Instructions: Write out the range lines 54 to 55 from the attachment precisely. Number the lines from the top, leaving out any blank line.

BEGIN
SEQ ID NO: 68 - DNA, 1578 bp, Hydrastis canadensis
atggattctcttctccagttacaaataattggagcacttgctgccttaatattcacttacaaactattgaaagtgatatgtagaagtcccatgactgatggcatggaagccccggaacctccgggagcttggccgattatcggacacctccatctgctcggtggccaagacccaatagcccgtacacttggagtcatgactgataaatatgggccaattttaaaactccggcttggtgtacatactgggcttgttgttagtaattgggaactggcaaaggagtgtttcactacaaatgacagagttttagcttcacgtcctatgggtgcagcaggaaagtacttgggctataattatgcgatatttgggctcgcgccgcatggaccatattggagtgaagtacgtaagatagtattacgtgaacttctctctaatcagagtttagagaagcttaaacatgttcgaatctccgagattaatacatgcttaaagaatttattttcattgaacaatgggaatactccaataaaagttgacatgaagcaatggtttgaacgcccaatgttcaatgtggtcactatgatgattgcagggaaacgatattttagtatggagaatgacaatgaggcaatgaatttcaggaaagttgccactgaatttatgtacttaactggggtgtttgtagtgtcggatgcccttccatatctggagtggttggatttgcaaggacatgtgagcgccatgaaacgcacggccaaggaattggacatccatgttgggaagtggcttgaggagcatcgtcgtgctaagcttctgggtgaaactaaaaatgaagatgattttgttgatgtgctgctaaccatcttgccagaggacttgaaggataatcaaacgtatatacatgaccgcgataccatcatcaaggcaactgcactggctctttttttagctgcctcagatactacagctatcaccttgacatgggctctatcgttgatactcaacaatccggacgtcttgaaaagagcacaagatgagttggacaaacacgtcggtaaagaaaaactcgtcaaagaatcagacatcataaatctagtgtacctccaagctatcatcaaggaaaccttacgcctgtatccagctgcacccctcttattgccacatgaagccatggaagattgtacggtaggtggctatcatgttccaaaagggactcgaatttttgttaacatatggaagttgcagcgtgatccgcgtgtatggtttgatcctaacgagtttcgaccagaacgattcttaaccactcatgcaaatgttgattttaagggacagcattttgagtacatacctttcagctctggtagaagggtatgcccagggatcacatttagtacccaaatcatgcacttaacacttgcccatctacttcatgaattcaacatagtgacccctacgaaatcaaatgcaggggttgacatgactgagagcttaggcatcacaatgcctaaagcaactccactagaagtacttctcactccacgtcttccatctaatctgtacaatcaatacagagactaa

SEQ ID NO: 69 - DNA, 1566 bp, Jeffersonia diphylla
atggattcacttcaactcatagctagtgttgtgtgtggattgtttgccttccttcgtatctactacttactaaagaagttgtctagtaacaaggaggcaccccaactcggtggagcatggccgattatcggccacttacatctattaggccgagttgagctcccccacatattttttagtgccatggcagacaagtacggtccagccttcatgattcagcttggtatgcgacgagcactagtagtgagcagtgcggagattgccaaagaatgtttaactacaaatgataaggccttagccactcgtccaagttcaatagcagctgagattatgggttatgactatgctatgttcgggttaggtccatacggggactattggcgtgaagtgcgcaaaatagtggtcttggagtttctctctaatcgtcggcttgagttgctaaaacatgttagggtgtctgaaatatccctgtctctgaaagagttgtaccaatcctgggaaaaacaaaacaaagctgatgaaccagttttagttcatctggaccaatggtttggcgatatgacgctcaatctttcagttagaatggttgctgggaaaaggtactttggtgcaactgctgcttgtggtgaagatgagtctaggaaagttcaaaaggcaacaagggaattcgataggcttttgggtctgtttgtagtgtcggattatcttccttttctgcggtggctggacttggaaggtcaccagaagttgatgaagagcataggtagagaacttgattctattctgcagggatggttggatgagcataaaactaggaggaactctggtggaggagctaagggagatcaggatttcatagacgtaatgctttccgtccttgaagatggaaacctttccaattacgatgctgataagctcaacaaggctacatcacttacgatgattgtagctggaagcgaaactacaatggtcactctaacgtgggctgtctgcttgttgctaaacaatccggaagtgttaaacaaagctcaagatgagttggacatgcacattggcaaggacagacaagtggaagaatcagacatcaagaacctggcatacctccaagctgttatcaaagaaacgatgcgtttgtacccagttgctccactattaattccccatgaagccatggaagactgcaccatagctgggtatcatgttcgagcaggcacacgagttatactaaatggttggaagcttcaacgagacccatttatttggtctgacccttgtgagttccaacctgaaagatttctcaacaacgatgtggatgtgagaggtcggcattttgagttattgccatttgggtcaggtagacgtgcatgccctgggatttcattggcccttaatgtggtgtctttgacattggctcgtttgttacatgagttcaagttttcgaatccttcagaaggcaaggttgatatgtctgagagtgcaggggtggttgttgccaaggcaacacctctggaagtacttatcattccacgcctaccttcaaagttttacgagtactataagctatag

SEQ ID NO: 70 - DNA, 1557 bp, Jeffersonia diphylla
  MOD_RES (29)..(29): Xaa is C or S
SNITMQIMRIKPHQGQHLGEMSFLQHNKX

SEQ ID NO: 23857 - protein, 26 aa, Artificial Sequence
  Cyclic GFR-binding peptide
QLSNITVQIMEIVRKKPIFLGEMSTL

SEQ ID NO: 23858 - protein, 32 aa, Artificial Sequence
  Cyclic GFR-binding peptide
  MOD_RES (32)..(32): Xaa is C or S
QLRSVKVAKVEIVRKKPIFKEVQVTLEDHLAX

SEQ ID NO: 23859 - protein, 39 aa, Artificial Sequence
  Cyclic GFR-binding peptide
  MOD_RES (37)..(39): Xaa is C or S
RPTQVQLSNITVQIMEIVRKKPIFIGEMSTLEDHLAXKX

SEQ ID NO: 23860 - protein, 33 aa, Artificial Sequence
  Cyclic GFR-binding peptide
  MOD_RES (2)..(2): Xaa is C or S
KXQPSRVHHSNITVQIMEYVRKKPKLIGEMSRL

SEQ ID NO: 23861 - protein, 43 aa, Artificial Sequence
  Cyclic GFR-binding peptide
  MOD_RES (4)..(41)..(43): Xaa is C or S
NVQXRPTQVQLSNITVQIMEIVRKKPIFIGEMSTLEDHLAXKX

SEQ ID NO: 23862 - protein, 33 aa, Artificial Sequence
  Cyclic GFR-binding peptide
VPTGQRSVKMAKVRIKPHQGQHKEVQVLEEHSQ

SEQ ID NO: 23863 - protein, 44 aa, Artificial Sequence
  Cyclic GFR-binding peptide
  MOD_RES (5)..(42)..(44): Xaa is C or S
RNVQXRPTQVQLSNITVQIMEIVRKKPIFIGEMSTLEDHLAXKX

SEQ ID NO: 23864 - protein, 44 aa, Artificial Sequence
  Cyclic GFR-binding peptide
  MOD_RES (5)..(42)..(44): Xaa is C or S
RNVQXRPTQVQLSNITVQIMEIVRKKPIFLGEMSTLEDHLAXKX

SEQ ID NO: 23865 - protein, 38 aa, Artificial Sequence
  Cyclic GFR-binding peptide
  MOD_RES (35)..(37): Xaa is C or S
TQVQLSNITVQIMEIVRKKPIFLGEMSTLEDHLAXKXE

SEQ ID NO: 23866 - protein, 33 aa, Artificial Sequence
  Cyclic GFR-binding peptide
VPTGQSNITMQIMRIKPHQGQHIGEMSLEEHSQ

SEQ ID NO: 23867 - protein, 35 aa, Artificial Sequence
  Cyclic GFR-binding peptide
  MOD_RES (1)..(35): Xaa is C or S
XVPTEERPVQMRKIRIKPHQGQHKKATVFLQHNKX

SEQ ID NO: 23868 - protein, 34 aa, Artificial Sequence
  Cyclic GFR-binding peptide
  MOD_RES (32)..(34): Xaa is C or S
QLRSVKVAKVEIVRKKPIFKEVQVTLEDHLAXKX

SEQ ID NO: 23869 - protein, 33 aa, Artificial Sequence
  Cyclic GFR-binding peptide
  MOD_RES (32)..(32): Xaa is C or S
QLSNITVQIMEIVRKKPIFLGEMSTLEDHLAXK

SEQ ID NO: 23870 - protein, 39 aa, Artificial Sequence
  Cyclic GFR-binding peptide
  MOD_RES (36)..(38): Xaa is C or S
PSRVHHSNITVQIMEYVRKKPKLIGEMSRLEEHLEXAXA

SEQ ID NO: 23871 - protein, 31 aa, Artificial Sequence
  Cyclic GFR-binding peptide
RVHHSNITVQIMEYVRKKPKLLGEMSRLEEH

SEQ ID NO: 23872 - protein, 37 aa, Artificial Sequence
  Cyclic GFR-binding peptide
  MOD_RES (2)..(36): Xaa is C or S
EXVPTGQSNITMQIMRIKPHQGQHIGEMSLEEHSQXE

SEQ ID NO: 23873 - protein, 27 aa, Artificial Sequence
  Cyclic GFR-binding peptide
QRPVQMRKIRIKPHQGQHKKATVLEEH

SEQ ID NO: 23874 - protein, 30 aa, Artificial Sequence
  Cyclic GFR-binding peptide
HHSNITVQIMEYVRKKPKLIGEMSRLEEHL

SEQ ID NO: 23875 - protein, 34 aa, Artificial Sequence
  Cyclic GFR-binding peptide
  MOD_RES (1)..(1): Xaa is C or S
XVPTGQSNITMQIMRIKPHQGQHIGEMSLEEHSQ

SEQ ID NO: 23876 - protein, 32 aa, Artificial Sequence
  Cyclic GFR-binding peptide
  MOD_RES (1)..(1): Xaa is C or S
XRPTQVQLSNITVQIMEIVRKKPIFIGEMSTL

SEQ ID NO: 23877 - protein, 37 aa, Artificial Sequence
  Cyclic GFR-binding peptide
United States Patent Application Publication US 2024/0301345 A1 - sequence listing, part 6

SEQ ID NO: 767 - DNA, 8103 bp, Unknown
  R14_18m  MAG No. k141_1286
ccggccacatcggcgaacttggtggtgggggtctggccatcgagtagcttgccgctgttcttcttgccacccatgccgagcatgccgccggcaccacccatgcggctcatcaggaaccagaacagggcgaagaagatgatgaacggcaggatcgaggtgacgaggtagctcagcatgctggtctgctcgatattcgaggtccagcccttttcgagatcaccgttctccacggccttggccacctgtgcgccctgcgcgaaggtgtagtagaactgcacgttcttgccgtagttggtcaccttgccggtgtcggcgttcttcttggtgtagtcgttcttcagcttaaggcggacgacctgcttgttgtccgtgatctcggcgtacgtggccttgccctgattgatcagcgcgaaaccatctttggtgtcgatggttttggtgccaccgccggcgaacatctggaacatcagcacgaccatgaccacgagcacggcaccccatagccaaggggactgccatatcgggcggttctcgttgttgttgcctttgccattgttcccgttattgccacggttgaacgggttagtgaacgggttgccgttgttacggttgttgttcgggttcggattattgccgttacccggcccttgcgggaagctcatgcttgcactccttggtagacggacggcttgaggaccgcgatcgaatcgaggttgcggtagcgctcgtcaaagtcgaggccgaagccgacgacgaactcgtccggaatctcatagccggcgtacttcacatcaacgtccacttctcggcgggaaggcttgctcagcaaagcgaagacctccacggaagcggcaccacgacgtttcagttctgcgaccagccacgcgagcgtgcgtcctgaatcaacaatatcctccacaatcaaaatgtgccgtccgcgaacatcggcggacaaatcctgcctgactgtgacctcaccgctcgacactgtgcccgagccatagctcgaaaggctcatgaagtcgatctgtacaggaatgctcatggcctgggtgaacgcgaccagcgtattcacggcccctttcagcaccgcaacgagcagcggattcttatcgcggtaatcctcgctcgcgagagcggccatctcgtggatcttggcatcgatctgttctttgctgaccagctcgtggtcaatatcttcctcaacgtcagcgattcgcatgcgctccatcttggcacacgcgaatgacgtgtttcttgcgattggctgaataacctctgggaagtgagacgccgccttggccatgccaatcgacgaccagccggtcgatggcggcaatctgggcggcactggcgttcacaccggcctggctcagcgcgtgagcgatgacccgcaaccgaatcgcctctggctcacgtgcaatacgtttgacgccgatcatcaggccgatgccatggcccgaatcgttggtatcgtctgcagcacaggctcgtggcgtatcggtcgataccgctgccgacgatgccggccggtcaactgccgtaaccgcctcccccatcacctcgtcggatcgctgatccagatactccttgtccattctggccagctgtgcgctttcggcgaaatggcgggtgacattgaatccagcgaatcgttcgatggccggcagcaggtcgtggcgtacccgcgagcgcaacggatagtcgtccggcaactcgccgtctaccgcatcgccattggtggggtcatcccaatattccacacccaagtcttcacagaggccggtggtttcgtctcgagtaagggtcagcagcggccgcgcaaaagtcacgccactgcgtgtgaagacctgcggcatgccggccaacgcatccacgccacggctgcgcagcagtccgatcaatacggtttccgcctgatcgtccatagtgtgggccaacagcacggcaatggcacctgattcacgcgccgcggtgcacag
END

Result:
  Cyclic GFR-binding peptide
  MOD_RES (32)..(32): Xaa is C or S